LITTERFALL PRODUCTION AS A FUNCTION OF PLANTING SEEDLINGS SYSTEM IN A TWO YEARS FOREST RESTORATION AREA IN THE COASTAL - PLAIN OF CARAGUATATUBA, SÃO PAULO, BRAZIL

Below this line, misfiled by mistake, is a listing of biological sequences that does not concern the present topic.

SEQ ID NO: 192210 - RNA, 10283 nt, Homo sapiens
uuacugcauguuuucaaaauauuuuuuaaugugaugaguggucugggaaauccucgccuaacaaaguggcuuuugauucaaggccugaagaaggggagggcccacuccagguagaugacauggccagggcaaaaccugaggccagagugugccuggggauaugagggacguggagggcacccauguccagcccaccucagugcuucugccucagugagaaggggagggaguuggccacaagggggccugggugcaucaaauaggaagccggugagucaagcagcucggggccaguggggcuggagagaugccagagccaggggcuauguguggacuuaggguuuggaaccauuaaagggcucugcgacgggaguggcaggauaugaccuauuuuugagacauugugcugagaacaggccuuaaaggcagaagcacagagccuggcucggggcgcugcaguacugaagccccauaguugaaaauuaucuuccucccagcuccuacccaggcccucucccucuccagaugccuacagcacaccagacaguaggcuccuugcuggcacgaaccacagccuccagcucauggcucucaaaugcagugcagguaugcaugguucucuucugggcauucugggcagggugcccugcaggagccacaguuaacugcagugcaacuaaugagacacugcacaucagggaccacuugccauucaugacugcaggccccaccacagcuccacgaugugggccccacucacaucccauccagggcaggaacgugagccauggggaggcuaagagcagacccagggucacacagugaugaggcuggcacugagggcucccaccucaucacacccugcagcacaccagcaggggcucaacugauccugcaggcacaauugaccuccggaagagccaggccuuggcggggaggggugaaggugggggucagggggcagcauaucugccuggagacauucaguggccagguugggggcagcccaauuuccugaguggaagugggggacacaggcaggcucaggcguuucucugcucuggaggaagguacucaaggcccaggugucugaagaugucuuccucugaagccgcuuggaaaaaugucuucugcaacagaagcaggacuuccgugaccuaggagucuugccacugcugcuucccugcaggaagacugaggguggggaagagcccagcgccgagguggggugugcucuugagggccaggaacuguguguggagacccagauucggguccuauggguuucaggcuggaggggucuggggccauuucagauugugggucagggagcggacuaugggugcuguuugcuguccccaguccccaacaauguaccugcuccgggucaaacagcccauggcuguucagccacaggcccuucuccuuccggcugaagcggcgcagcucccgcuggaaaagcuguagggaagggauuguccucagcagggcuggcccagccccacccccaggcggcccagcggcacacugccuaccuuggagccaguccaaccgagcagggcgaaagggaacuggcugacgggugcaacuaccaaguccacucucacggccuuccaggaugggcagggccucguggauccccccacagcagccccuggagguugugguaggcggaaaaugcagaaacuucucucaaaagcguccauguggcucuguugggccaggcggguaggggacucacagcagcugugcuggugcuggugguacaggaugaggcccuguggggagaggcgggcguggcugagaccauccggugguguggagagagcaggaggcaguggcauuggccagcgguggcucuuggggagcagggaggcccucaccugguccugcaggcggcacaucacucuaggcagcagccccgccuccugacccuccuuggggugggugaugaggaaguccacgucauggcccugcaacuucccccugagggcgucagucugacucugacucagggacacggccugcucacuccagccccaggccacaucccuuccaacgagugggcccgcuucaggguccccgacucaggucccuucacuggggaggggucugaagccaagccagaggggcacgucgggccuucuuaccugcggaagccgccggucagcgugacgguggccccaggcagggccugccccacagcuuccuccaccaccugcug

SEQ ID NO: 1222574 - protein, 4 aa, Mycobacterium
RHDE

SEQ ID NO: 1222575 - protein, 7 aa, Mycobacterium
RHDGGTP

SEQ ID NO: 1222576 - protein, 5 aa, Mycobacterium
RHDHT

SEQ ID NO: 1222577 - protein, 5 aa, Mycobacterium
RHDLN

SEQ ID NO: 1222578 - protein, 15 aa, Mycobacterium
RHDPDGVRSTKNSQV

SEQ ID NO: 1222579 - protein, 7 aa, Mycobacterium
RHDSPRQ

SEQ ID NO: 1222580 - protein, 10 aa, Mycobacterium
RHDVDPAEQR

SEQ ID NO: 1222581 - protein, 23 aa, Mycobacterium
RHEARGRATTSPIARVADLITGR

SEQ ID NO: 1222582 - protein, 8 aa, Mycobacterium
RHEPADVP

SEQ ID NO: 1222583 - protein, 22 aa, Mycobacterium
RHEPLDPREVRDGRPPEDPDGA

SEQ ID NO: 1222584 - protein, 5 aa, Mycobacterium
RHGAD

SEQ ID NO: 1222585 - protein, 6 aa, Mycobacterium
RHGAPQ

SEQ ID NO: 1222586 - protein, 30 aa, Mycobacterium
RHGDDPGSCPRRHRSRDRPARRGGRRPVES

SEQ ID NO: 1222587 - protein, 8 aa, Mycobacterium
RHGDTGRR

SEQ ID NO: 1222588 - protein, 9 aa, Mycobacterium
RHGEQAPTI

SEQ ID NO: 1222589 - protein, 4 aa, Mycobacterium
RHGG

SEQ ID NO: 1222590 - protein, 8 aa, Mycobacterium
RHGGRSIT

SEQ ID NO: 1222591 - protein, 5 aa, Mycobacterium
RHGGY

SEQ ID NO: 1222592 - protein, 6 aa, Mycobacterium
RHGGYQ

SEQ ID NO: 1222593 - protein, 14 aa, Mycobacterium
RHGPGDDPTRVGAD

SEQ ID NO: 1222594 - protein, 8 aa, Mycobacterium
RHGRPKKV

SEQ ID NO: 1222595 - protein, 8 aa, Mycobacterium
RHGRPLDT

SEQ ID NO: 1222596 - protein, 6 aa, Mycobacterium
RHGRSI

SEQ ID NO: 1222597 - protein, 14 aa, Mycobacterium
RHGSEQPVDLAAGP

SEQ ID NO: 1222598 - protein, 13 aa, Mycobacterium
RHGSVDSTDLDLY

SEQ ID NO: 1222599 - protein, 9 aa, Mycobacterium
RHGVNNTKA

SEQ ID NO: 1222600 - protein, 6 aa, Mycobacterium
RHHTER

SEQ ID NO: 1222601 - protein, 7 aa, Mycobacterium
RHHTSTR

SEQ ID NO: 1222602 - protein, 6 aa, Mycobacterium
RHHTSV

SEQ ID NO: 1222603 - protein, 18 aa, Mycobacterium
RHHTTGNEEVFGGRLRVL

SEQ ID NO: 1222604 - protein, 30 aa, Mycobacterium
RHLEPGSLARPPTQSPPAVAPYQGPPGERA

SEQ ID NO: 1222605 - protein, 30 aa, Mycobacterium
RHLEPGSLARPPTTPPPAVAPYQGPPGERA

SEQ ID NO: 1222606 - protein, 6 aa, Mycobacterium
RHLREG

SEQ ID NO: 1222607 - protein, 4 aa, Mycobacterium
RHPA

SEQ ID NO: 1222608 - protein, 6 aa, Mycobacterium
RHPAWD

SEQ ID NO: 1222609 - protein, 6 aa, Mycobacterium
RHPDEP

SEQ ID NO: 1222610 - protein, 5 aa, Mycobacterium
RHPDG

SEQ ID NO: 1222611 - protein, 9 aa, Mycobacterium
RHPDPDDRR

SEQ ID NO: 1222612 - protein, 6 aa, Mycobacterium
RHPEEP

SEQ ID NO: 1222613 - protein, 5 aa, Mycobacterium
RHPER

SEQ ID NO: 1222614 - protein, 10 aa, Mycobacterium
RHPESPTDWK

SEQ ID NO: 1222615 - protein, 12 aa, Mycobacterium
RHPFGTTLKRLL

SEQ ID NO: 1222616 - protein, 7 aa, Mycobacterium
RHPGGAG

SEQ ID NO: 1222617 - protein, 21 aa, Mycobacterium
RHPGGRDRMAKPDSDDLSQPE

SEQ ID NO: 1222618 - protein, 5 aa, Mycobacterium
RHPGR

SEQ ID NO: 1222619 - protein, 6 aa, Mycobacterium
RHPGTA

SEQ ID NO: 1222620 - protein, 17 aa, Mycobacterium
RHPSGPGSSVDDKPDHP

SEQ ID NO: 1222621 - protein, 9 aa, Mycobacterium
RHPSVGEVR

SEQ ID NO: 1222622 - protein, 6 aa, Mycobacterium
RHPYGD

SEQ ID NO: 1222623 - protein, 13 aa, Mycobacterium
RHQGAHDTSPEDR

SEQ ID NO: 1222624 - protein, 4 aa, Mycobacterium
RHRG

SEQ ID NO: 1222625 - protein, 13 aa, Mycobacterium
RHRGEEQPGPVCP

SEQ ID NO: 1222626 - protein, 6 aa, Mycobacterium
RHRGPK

ABSTRACT Seedlings plantation combining pioneer and non-pioneer species facilitates the restoration of ecological processes, such as litterfall production. Litterfall is fundamental to reestablish nutrient cycling and to recover soil fertility in early stages of restoration. This study evaluated litterfall production in a two-year forest restoration area (transitional rain forest: Restinga high forest - submontane rain forest) by comparing differences in litter production between seedlings plantation in rows (LI, 2x2m spacing) and in clusters (NU, 30x30cm spacing). Litterfall was collected monthly during 24 months in 62 plots (27 LI; 27 NU and 8 controls without plantation). Litterfall dry mass, litter fractions (leaves, twigs, reproductive and miscellaneous), dry mass from seedling material and dry mass from vegetation prior to the restoration were determined. Annual litter production was higher in restored plots (254.91 g.m-2) than in control ones (120.99 g.m-2) and there was no difference between rows (259.39 g.m-2) and clusters (250.59 g.m-2). There was substitution of the litter type with time, which was higher in restored than in control plots, but there was no difference between rows and clusters. Results indicated that: (1) planting seedlings facilitates litterfall recovery; (2) there is litter substitution as from the beginning of the restoration; and (3) planting seedlings in rows or clusters is equally efficient to restore litter production. In conclusion, planting seedlings leads to higher litter production and it could benefit the recovery of nutrients cycling in degraded areas, regardless of the disposition of seedlings in rows or clusters.